Filed

I don't even like candy

Wednesday, January 22, 2014 | 11:17 AM | by

Trademarks and copyrights are important... but holy shit companies do some silly things with them sometimes. The latest of which is the makers of Candy Crush Saga trying to trademark both the words 'candy' and 'saga.' Not combined as they appear in the title of the game, but as two separate entities.

The excuse the companies always use is "Well, the consumer will get confused if two products use similar words." I don't know. Maybe. I could see a point where devs are purposely sticking similar words in their titles in order to dupe less tech-savvy users into grabbing the wrong app after they heard their knitting club raving about "that addictive candy game on their future-phone." That's possible, and there should be some means by which to defend your brand.

But I do not think the majority of people are so downright stupid as to confuse Candy Crush Saga with The Banner Saga, an animated viking-based strategy game on Steam. That seems like a stretch, don't you think? I don't think Candy Crush is even on Steam.

I'm not a lawyer, but I have to imagine most of these broad filings trying to claim ownership over a common english word are fairly easy to oppose on an individual basis. But that takes resources, and I think it would leave smaller developers at a disadvantage, now faced with spending precious capital on defending a ridiculous claim.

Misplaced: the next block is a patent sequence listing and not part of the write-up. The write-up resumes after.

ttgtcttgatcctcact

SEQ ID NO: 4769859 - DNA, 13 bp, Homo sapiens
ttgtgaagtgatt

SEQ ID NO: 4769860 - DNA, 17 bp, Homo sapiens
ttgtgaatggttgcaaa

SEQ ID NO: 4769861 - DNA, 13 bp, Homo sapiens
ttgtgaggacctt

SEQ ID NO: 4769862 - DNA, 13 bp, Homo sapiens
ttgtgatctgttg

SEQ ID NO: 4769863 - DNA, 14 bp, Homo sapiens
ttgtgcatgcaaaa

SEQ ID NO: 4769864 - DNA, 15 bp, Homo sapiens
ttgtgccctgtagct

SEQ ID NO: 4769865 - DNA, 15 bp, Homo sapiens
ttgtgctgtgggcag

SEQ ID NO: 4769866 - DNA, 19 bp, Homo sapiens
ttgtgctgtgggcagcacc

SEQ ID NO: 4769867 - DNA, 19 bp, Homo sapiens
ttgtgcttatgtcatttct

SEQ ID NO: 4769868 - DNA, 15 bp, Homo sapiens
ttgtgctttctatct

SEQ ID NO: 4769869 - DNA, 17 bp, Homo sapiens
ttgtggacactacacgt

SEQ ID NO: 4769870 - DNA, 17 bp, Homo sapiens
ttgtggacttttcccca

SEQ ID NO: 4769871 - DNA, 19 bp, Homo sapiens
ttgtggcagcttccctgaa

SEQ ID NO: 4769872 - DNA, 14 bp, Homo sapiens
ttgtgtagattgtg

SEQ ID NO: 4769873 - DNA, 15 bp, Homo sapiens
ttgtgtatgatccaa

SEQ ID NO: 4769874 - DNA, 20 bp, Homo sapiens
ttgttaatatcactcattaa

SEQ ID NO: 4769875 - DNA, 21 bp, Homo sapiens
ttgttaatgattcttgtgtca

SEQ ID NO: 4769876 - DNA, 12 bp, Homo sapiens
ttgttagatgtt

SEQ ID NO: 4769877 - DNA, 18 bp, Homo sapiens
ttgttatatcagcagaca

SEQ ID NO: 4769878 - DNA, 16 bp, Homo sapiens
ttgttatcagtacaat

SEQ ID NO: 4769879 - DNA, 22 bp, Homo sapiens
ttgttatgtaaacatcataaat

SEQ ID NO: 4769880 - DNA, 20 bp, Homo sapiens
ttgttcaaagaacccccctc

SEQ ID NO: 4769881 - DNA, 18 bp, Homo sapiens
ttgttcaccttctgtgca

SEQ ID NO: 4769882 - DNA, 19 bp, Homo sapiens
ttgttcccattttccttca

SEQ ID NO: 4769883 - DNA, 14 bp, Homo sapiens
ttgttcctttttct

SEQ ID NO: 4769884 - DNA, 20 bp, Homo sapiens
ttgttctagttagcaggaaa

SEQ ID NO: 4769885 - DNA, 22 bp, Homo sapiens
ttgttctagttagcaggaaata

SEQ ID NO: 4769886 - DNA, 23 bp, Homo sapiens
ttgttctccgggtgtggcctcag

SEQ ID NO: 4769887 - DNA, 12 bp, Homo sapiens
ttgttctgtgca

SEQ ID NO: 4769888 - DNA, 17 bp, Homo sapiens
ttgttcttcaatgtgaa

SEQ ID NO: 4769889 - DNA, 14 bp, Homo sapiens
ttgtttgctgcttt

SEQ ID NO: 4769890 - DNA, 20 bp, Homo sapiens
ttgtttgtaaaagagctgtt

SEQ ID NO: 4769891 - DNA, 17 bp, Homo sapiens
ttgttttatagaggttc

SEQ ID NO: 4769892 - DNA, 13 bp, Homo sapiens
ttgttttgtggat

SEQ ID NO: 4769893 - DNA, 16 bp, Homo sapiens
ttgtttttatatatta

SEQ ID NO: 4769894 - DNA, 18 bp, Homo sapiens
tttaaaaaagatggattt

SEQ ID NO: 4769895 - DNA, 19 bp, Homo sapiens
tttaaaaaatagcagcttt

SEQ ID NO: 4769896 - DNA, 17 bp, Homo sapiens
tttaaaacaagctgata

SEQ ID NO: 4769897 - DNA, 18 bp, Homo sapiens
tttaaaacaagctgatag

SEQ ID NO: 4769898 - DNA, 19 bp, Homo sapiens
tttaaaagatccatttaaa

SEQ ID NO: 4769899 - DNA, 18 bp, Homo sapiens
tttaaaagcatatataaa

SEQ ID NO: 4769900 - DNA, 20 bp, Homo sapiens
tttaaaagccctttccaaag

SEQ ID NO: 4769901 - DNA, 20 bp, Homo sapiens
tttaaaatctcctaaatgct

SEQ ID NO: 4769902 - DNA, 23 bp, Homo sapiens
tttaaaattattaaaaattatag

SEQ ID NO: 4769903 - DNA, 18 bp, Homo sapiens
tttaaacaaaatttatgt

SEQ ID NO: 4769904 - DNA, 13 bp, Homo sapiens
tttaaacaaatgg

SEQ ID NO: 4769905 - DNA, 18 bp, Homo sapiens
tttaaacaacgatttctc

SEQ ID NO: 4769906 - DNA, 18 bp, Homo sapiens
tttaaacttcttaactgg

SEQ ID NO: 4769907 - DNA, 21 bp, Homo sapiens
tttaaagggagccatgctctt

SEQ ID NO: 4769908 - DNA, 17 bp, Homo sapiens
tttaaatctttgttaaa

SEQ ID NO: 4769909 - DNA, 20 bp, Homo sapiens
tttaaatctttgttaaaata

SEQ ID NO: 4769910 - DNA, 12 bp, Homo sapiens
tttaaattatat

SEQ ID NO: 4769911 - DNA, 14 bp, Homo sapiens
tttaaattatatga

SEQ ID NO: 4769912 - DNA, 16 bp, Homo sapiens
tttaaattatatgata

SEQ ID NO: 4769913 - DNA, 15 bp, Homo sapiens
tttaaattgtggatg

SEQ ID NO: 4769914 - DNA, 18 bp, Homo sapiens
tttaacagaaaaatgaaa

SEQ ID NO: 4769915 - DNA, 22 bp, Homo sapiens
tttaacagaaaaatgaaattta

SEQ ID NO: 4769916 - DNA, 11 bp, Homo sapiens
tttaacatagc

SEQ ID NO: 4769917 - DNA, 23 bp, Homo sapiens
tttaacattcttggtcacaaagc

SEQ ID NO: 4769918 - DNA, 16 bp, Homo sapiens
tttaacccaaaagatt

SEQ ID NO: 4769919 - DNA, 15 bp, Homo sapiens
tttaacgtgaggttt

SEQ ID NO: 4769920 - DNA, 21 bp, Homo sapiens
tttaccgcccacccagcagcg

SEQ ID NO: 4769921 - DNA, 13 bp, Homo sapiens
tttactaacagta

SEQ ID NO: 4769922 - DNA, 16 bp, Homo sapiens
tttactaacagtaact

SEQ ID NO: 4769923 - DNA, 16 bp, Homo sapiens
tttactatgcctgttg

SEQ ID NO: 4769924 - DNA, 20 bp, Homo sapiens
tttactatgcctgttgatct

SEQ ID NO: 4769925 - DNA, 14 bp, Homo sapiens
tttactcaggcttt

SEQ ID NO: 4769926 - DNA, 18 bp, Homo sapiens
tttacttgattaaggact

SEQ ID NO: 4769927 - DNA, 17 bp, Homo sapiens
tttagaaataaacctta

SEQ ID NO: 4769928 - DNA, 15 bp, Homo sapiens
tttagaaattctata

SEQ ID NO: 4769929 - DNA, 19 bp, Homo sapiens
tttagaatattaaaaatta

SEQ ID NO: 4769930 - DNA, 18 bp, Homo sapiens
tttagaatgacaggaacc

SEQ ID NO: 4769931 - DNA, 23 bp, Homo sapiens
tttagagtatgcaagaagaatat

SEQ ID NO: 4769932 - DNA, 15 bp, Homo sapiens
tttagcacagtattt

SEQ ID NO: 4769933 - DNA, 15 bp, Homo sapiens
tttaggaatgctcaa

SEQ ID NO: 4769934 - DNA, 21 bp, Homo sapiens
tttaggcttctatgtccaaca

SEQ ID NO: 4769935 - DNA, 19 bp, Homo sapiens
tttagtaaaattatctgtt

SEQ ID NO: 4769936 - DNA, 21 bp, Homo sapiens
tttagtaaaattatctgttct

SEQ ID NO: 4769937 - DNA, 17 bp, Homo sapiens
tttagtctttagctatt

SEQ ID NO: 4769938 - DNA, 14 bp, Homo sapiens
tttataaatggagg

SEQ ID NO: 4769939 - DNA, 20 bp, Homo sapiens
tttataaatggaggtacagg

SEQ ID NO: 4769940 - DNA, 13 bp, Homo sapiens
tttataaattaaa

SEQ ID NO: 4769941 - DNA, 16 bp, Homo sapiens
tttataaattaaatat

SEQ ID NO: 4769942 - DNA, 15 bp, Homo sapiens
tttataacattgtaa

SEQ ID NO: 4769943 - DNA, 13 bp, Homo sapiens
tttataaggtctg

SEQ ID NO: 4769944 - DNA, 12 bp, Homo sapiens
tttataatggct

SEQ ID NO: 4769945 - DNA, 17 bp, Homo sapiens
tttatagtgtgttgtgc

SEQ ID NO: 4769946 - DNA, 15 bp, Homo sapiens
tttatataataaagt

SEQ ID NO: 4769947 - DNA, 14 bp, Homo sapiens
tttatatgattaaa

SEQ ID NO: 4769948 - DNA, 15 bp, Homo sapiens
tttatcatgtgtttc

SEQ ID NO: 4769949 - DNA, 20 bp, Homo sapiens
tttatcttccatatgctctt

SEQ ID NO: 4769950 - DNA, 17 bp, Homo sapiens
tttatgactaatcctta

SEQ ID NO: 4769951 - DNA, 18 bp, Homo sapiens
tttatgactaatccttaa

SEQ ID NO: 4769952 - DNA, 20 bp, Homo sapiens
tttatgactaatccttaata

If this is the ballgame we're playing now, then I think Hasbro should jump in and file against Candy Crush.

And as an aside... why no love for the word 'crush?' Candy and Saga are important enough to protect, but Crush can be thrown to the wolves, to be used and fondled in all manner of innapropriate ways? Where's the word-equality, here?

Follow-up

Wednesday, January 22, 2014 | 02:56 PM | by

King, the makers of Candy Crush, are assuring people that they do not intend to pursue any actual action against The Banner Saga. Instead, apparently due to the inner workings of trademark/copyright law, they would have a harder time pursuing future claims if they did not currently oppose every use of the word they see now, legitimate or not.

Their application to trademark the words Candy and Saga still stand however. 'Cause, you know, they want to be the ones to decide who can use them.